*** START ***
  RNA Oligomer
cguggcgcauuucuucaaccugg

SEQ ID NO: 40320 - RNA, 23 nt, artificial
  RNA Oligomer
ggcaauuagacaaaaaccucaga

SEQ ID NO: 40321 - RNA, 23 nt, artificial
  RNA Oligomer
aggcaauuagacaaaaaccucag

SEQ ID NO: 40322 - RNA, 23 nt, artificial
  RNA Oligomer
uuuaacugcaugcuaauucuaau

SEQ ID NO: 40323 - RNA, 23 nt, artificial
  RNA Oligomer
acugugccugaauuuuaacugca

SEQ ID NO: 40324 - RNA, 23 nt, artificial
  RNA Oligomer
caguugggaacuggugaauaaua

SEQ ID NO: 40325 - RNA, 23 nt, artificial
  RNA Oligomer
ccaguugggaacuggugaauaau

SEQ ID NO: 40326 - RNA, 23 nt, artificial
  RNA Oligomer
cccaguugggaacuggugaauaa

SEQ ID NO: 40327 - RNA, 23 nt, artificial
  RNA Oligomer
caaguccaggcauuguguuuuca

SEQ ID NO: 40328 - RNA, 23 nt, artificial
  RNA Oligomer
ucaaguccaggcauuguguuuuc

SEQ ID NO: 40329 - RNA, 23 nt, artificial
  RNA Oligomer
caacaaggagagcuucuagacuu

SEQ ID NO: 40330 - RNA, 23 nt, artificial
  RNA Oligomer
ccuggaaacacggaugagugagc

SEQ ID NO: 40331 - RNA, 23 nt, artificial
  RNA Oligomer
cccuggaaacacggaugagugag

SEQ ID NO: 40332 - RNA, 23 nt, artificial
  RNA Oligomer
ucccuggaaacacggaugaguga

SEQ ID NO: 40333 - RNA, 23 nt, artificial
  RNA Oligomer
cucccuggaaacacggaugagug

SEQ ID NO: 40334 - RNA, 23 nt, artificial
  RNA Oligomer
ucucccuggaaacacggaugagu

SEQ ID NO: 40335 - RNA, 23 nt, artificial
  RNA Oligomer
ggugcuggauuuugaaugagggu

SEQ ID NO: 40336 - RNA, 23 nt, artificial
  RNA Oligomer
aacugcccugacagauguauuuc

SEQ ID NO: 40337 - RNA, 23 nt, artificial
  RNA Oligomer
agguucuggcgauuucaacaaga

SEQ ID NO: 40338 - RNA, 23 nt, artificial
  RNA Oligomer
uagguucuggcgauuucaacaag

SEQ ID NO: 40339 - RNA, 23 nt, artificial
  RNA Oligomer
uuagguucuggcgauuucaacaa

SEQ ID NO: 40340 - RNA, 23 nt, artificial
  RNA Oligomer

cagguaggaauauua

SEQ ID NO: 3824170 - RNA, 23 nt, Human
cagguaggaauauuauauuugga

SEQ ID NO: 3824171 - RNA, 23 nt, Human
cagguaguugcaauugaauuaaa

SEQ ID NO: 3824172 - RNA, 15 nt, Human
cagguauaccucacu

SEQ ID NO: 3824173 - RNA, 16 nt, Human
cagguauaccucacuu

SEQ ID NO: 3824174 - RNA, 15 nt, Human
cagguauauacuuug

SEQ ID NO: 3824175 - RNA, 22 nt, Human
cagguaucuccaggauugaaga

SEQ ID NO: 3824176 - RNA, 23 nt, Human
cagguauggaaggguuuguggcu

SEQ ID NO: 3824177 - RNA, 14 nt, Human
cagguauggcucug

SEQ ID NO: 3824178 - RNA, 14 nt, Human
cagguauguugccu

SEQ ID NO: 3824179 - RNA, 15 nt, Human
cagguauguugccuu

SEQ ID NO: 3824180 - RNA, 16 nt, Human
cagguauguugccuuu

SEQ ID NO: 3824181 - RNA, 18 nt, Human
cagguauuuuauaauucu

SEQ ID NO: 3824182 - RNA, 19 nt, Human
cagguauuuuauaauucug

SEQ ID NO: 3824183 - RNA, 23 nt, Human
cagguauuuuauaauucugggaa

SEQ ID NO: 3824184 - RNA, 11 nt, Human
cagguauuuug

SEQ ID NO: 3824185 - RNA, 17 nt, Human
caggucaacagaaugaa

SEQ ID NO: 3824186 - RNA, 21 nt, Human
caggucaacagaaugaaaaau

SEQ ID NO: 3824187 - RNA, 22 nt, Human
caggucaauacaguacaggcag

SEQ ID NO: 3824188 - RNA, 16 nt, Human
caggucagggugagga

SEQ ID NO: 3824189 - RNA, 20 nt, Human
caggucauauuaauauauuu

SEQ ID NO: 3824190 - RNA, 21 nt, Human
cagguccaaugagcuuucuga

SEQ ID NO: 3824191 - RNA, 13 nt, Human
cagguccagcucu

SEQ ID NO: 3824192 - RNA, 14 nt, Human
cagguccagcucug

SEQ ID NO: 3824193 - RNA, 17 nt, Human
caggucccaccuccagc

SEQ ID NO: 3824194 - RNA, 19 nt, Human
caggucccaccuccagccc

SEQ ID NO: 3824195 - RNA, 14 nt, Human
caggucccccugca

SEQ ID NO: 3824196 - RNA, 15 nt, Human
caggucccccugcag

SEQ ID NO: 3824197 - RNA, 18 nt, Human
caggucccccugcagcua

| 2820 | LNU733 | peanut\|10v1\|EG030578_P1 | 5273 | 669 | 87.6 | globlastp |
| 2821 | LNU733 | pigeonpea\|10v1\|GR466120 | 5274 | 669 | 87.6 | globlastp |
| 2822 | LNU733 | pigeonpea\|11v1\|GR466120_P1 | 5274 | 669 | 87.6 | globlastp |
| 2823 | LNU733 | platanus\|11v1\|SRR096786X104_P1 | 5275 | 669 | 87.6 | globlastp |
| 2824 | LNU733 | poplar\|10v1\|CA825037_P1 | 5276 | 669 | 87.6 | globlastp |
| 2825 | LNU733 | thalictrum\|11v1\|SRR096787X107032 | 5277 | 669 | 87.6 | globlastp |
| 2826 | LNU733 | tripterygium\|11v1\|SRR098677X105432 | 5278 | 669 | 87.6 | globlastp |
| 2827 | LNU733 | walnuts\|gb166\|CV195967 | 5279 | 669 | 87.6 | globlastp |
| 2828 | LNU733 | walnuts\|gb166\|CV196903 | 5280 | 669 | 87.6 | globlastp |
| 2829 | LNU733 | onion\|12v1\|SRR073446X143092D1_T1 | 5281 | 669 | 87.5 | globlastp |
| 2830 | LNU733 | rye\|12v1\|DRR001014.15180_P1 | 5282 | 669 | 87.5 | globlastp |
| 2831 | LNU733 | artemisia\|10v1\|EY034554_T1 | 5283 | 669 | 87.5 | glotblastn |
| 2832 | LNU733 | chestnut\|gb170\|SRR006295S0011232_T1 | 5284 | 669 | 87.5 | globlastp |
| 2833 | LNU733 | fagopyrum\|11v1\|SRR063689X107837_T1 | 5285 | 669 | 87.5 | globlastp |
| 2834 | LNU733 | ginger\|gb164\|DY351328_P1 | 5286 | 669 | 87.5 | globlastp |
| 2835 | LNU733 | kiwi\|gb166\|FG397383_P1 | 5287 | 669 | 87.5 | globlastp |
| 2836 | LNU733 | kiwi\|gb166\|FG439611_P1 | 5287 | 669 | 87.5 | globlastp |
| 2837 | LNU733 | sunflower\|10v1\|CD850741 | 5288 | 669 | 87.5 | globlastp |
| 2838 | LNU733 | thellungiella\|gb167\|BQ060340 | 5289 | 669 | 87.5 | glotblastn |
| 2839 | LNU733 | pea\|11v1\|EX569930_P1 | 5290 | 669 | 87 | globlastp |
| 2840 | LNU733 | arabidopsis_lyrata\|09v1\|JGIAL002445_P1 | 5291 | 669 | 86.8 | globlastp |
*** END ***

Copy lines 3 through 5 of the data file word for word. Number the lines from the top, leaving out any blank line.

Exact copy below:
SEQ ID NO: 40320 - RNA, 23 nt, artificial
  RNA Oligomer
ggcaauuagacaaaaaccucaga